GCSE’s Aren’t Everything
I received my GCSE results in August 2015. I know from experience that the phrase ‘GCSE’s aren’t everything’ is thrown around a lot–and I know it means very little when you hear it now. It is, however, something I’ve found to be true in hindsight, so hear me out.
I heard this phrase so many times while I took my exams. I was always told to do my best, and that whatever the outcome, it would be okay. It seemed like rubbish to me, but now I realise there might be some level of truth to it. There might actually be a reason why it’s people’s default phrase for 15-16 year old’s in England and Wales during the exam period.
Without going into too much detail, my exam experience wasn’t the best. I only took four GCSE’s in the end, and I still managed to fail two of them.
I wasn’t always predicted these grades. Before my mental health plummeted to a point where mainstream school was no longer an option, I was predicted A-C grades in every subject. My school were reluctant to support me because I was ‘too academic’, and my grades suffered as a result. I was officially a drop out at just fourteen years old.
I was lucky enough to be offered a place in a specialist school for people with mental health problems at the beginning of year 10. By this point, however, my mental health could no longer come after my grades. This would continue throughout the two years I spent at this school, and was another reason why I didn’t get the grades I was expected to.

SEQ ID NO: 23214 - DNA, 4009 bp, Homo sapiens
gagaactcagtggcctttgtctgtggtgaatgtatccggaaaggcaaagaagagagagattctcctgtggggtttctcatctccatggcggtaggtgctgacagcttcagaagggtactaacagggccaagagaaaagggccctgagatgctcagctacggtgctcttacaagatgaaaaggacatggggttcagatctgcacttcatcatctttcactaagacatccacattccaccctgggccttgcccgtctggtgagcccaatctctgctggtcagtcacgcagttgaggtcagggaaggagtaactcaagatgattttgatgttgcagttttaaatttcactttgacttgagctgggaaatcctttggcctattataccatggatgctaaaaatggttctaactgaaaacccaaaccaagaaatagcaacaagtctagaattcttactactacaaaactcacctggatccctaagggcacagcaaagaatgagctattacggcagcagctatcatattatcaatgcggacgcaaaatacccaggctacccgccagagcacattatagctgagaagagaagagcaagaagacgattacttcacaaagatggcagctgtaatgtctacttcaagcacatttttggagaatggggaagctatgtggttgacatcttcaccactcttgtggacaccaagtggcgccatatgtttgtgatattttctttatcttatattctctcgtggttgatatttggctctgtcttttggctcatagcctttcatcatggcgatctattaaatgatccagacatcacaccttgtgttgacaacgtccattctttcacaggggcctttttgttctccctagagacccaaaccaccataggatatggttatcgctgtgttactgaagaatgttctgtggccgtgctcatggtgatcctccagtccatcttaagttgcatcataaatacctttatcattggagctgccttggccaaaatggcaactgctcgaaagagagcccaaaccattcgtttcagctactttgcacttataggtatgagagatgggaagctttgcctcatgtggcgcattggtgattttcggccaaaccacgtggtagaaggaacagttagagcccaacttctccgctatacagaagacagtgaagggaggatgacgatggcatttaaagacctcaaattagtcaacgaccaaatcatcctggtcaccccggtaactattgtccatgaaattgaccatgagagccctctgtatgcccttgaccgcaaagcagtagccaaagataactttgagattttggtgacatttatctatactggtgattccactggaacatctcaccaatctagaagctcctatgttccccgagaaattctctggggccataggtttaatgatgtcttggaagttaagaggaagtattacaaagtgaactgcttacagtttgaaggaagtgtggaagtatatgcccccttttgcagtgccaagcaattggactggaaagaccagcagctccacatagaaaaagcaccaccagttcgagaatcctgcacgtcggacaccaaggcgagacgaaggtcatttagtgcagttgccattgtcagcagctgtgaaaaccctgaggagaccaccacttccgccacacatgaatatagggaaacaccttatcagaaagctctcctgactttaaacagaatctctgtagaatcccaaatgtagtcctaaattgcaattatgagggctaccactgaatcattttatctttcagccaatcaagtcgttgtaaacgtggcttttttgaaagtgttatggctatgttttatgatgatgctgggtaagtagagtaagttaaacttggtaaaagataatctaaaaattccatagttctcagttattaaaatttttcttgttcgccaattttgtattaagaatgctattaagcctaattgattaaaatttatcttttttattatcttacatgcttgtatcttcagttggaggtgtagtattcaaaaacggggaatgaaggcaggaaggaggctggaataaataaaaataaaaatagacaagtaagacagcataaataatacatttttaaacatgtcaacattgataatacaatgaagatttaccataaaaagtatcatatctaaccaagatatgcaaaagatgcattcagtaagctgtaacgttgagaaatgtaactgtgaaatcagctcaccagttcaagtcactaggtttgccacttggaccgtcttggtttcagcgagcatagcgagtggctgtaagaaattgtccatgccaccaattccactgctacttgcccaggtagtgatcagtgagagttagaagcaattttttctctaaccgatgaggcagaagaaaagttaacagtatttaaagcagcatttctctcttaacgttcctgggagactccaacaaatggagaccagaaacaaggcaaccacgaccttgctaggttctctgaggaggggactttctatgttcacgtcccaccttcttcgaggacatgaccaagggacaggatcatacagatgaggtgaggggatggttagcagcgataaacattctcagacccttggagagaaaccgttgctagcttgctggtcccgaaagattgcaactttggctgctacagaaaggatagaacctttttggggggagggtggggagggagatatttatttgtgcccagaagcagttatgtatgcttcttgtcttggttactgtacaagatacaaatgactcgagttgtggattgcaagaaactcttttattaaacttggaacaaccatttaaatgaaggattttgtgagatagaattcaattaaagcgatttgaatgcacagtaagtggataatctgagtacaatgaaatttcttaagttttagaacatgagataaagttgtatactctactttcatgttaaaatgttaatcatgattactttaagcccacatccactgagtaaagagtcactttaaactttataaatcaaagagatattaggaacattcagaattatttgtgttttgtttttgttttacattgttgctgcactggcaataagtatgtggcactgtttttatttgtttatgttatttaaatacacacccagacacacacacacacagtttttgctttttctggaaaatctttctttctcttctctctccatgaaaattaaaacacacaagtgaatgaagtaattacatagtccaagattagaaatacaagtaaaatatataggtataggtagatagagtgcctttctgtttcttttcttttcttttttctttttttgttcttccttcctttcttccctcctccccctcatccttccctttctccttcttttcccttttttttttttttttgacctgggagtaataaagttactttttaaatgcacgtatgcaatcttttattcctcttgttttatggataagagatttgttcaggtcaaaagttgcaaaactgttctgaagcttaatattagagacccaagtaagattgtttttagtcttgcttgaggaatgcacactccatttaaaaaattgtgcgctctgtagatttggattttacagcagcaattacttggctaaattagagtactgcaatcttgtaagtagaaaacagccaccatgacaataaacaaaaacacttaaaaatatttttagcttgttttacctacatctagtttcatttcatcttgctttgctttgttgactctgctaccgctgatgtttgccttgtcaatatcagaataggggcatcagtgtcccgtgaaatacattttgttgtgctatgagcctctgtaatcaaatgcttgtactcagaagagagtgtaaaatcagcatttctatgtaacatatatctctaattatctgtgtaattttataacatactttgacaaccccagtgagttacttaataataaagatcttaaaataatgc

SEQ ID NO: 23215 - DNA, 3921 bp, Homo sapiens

I ended up meeting the conditions for my chosen college course by the skin of my teeth. This would not have been possible with GCSE’s alone, and I have to thank my three level 2 and few level 1 BTEC courses I took alongside my GCSE’s for helping me with the entry requirements.
However, despite this, I finished the course I barely got into with top grades (D*D*), and have been accepted onto a Level 3 version of the same course. I’m even looking into university once I’ve completed the level 3 course.
What I’m trying to say is that there’s always a way of picking yourself up once you’ve fallen. If you didn’t get the grades you want, it isn’t the end of the world. It’s okay to take the next few days to be upset about not reaching the goals you set for yourself, but perhaps it offers a perspective you hadn’t looked at before. Even if you think you haven’t got the grades to get into college, give them a call; they may be able to arrange something which can get you where you want to eventually.
Each year, the number of options to fix a bad grade are increasing. A bad grade no longer means the end of the road, or limits you anywhere near as much as you might be thinking it does. Determination and willpower are important qualities for your future that you aren’t tested on, but that are highly important in shaping your future.
Regardless of what the piece of paper many teenagers receive in August, you are still worthy. You are worth continuing with your dreams. Don’t let a letter spoil that for you.
Thanks for reading, and until next time,